If you are concerned about wasting energy operating the facility at 72 F during the occupied period, hire a good infrared camera contractor to find and plug the gross air leaks that heat the outdoors. This does the occupants and the planet a favor, saves lots of fuel and reduces the heating and cooling of the outdoors.
No Mold Growth Indoors
As many roofs and wall systems leak, this is an ongoing challenge. For the most part, porous materials that get wet need to be dried in 24 hours or you get mold growth. There are all kinds of water tarps now available with garden-hose barbs that capture leak water from roofs, expansion joints and other local areas, and direct it to a bucket or trash barrel to keep the wallboard paper, wood and fiberglass sponges from getting wet.
If you have textile flooring in places that routinely get wet, you likely need to stop this via a hard-surface fix or eliminate the wetting, or you get mold growth indoors.
Utility trenches and crawlspaces are the other typical sources, or cold walls in portable classrooms where someone left out the insulation or failed to seal the floor joint when they bolted the classrooms together on-site (see Planned Air Flow below). Lots of really cold surfaces in winter sometimes leads to lots of condensation.
In the absence of identifiable pollutant sources other than the occupants, ASHRAE and most others recommend about 15–20 cfm of outdoor air per person during the occupied period. In most settings, this gives one a carbon dioxide reading of about 800–1,000 ppm. In an occupied facility, readings much less than this at 11 a.m. likely mean you are just plain over-ventilating, which provides little if any benefit and, in the heating winter mode, likely means excess dryness (more dry eyes and noses), as well as wasted energy. Why do it if there is no benefit?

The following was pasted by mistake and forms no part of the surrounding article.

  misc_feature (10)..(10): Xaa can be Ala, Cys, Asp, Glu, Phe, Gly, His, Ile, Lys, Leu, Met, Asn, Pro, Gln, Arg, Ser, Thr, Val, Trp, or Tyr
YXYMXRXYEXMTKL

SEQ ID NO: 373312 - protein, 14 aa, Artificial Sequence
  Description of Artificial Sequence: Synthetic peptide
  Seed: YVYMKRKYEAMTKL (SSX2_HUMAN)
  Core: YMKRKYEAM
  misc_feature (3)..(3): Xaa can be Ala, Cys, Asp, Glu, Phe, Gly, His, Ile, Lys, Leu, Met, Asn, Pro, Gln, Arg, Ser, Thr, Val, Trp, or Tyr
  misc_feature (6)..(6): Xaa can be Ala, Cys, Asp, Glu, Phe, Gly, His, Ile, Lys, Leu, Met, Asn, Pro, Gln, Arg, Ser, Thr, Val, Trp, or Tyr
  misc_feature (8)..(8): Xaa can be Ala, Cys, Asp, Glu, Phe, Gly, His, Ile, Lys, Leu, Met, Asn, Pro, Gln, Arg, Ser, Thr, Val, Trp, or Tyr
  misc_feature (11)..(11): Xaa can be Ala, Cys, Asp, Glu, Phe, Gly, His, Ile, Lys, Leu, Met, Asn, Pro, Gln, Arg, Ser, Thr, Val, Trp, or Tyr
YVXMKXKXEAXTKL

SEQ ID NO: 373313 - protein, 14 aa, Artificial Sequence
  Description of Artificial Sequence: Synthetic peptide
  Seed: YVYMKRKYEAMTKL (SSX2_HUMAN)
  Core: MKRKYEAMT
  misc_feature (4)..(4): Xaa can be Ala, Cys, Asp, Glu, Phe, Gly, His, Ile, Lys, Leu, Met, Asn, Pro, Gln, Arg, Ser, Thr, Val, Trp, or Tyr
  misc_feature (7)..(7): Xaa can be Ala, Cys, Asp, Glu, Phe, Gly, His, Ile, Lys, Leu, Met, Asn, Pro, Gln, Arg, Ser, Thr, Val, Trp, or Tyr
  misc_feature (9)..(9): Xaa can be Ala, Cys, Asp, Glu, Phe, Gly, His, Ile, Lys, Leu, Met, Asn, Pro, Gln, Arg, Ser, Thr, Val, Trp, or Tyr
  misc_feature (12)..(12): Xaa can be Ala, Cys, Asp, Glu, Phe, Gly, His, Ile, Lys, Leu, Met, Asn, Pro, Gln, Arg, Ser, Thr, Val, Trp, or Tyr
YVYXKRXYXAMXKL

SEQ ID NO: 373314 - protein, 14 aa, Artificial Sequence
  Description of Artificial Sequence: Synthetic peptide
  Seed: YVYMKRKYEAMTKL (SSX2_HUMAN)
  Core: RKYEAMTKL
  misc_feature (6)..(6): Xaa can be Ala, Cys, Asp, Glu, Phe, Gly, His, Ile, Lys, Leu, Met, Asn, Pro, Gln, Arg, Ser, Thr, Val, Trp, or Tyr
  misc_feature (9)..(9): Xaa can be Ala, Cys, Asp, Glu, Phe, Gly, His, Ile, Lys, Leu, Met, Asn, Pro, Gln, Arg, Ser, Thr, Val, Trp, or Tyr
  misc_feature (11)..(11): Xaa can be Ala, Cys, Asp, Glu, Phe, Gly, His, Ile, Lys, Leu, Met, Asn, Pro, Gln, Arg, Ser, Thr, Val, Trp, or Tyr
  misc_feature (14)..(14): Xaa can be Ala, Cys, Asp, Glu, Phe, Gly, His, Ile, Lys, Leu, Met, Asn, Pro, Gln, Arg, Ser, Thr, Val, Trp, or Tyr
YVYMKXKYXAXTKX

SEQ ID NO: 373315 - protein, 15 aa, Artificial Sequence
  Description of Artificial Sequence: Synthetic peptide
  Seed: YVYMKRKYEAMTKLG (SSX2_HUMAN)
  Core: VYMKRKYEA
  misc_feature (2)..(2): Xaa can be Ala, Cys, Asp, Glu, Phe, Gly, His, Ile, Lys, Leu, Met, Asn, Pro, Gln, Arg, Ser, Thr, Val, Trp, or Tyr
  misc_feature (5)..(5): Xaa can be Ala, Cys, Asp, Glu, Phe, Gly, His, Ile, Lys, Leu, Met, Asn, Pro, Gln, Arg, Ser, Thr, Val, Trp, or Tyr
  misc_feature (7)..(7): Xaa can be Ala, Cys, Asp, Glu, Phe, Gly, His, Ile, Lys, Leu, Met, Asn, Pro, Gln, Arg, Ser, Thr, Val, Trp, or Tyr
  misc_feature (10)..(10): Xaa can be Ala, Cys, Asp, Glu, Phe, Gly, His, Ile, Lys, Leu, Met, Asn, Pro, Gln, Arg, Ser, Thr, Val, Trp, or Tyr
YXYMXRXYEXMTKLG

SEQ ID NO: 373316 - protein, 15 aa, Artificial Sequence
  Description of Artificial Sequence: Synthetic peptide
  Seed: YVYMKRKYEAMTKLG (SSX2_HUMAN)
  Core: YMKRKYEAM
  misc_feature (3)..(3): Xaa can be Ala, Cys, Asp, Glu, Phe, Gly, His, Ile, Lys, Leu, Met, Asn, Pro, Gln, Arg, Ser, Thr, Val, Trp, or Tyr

Ventilating to control bioeffluents to acceptable levels is the essence of the ASHRAE dilutions guidelines in Standard 62. Ten-to-fifteen cfm of outdoor air per person, depending on the setting, is recommended for dilution of non-point source pollutants (people). In most settings, this gives one a carbon dioxide reading of about 1,000–1,500 ppm. In an occupied facility, readings above 1,000 ppm at 11 a.m. likely mean you need to take a real close look at what the ventilation systems are doing and why.
Point source pollutants, such as those generated by reprographics equipment, bathrooms, art activities, etc. need local exhaust, not general dilution, unless you really like to waste energy (see below).
Planned Air Flow in Critical Areas
Planned air flow in critical areas is likely the key item for overall good building IAQ. Air should be exhausted from areas where irritating materials are likely to occur with negative-pressure exhausts. Typical areas include bathrooms, reprographics activity and boiler rooms.
All photocopying and most large printing activities involve heating, melting and drying a mixture of carbon black, styrene and iron particles onto paper. The fugitive byproducts, including ozone, are often irritating, so why would you purposely expose occupants to them? ASHRAE recommends exhaust at 25 air changes per hour.